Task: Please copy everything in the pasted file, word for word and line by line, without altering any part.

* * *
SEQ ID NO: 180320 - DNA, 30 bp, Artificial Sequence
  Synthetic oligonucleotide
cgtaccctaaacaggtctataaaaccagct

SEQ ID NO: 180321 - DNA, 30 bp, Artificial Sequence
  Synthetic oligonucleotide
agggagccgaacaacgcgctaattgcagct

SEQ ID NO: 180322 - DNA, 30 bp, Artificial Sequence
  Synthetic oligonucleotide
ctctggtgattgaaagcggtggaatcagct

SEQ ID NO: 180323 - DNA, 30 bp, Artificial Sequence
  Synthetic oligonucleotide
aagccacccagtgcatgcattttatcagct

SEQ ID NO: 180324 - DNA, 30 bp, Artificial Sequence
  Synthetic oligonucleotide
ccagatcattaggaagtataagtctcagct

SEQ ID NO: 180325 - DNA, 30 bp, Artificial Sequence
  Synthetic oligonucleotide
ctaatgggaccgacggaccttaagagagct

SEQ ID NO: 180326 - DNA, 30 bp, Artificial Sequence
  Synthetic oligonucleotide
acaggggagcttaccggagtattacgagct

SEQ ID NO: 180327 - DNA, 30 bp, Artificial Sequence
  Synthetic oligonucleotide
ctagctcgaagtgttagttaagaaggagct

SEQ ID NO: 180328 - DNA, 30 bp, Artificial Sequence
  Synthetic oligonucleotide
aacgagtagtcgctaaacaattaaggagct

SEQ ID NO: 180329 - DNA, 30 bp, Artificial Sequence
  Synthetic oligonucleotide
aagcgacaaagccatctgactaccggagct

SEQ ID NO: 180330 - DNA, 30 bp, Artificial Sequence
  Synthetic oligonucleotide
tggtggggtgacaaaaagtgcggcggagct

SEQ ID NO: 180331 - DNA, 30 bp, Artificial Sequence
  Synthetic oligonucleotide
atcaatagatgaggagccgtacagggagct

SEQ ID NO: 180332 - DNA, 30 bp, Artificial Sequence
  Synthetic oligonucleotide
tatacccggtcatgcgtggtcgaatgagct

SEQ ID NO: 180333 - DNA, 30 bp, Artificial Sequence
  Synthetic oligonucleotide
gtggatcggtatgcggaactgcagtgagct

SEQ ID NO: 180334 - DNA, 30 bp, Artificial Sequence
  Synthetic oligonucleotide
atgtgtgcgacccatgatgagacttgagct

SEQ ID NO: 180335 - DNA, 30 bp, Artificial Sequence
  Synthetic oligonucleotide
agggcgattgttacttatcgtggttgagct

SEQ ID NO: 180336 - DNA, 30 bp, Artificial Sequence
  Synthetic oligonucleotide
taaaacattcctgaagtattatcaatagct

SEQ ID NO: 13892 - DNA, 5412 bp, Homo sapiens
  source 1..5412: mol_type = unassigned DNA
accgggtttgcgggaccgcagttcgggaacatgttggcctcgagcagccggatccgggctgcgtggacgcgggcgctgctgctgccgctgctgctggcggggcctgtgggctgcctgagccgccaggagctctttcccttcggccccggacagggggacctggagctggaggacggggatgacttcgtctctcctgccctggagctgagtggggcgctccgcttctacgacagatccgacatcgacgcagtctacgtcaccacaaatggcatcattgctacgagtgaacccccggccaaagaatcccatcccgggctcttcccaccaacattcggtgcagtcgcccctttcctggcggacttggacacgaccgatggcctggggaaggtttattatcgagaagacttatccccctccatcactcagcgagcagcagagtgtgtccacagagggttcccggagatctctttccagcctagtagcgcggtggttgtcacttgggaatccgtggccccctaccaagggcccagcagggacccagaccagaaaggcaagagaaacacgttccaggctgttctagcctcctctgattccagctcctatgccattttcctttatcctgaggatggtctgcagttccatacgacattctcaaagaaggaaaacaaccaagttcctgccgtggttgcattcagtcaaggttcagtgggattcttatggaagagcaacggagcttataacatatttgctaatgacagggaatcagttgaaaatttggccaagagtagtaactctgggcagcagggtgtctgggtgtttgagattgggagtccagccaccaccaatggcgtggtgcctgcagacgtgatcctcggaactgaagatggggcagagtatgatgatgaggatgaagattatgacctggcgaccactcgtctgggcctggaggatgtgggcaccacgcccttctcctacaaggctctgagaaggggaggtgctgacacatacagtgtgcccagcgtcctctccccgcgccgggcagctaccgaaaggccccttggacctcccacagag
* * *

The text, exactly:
SEQ ID NO: 180320 - DNA, 30 bp, Artificial Sequence
  Synthetic oligonucleotide
cgtaccctaaacaggtctataaaaccagct

SEQ ID NO: 180321 - DNA, 30 bp, Artificial Sequence
  Synthetic oligonucleotide
agggagccgaacaacgcgctaattgcagct

SEQ ID NO: 180322 - DNA, 30 bp, Artificial Sequence
  Synthetic oligonucleotide
ctctggtgattgaaagcggtggaatcagct

SEQ ID NO: 180323 - DNA, 30 bp, Artificial Sequence
  Synthetic oligonucleotide
aagccacccagtgcatgcattttatcagct

SEQ ID NO: 180324 - DNA, 30 bp, Artificial Sequence
  Synthetic oligonucleotide
ccagatcattaggaagtataagtctcagct

SEQ ID NO: 180325 - DNA, 30 bp, Artificial Sequence
  Synthetic oligonucleotide
ctaatgggaccgacggaccttaagagagct

SEQ ID NO: 180326 - DNA, 30 bp, Artificial Sequence
  Synthetic oligonucleotide
acaggggagcttaccggagtattacgagct

SEQ ID NO: 180327 - DNA, 30 bp, Artificial Sequence
  Synthetic oligonucleotide
ctagctcgaagtgttagttaagaaggagct

SEQ ID NO: 180328 - DNA, 30 bp, Artificial Sequence
  Synthetic oligonucleotide
aacgagtagtcgctaaacaattaaggagct

SEQ ID NO: 180329 - DNA, 30 bp, Artificial Sequence
  Synthetic oligonucleotide
aagcgacaaagccatctgactaccggagct

SEQ ID NO: 180330 - DNA, 30 bp, Artificial Sequence
  Synthetic oligonucleotide
tggtggggtgacaaaaagtgcggcggagct

SEQ ID NO: 180331 - DNA, 30 bp, Artificial Sequence
  Synthetic oligonucleotide
atcaatagatgaggagccgtacagggagct

SEQ ID NO: 180332 - DNA, 30 bp, Artificial Sequence
  Synthetic oligonucleotide
tatacccggtcatgcgtggtcgaatgagct

SEQ ID NO: 180333 - DNA, 30 bp, Artificial Sequence
  Synthetic oligonucleotide
gtggatcggtatgcggaactgcagtgagct

SEQ ID NO: 180334 - DNA, 30 bp, Artificial Sequence
  Synthetic oligonucleotide
atgtgtgcgacccatgatgagacttgagct

SEQ ID NO: 180335 - DNA, 30 bp, Artificial Sequence
  Synthetic oligonucleotide
agggcgattgttacttatcgtggttgagct

SEQ ID NO: 180336 - DNA, 30 bp, Artificial Sequence
  Synthetic oligonucleotide
taaaacattcctgaagtattatcaatagct

SEQ ID NO: 13892 - DNA, 5412 bp, Homo sapiens
  source 1..5412: mol_type = unassigned DNA
accgggtttgcgggaccgcagttcgggaacatgttggcctcgagcagccggatccgggctgcgtggacgcgggcgctgctgctgccgctgctgctggcggggcctgtgggctgcctgagccgccaggagctctttcccttcggccccggacagggggacctggagctggaggacggggatgacttcgtctctcctgccctggagctgagtggggcgctccgcttctacgacagatccgacatcgacgcagtctacgtcaccacaaatggcatcattgctacgagtgaacccccggccaaagaatcccatcccgggctcttcccaccaacattcggtgcagtcgcccctttcctggcggacttggacacgaccgatggcctggggaaggtttattatcgagaagacttatccccctccatcactcagcgagcagcagagtgtgtccacagagggttcccggagatctctttccagcctagtagcgcggtggttgtcacttgggaatccgtggccccctaccaagggcccagcagggacccagaccagaaaggcaagagaaacacgttccaggctgttctagcctcctctgattccagctcctatgccattttcctttatcctgaggatggtctgcagttccatacgacattctcaaagaaggaaaacaaccaagttcctgccgtggttgcattcagtcaaggttcagtgggattcttatggaagagcaacggagcttataacatatttgctaatgacagggaatcagttgaaaatttggccaagagtagtaactctgggcagcagggtgtctgggtgtttgagattgggagtccagccaccaccaatggcgtggtgcctgcagacgtgatcctcggaactgaagatggggcagagtatgatgatgaggatgaagattatgacctggcgaccactcgtctgggcctggaggatgtgggcaccacgcccttctcctacaaggctctgagaaggggaggtgctgacacatacagtgtgcccagcgtcctctccccgcgccgggcagctaccgaaaggccccttggacctcccacagag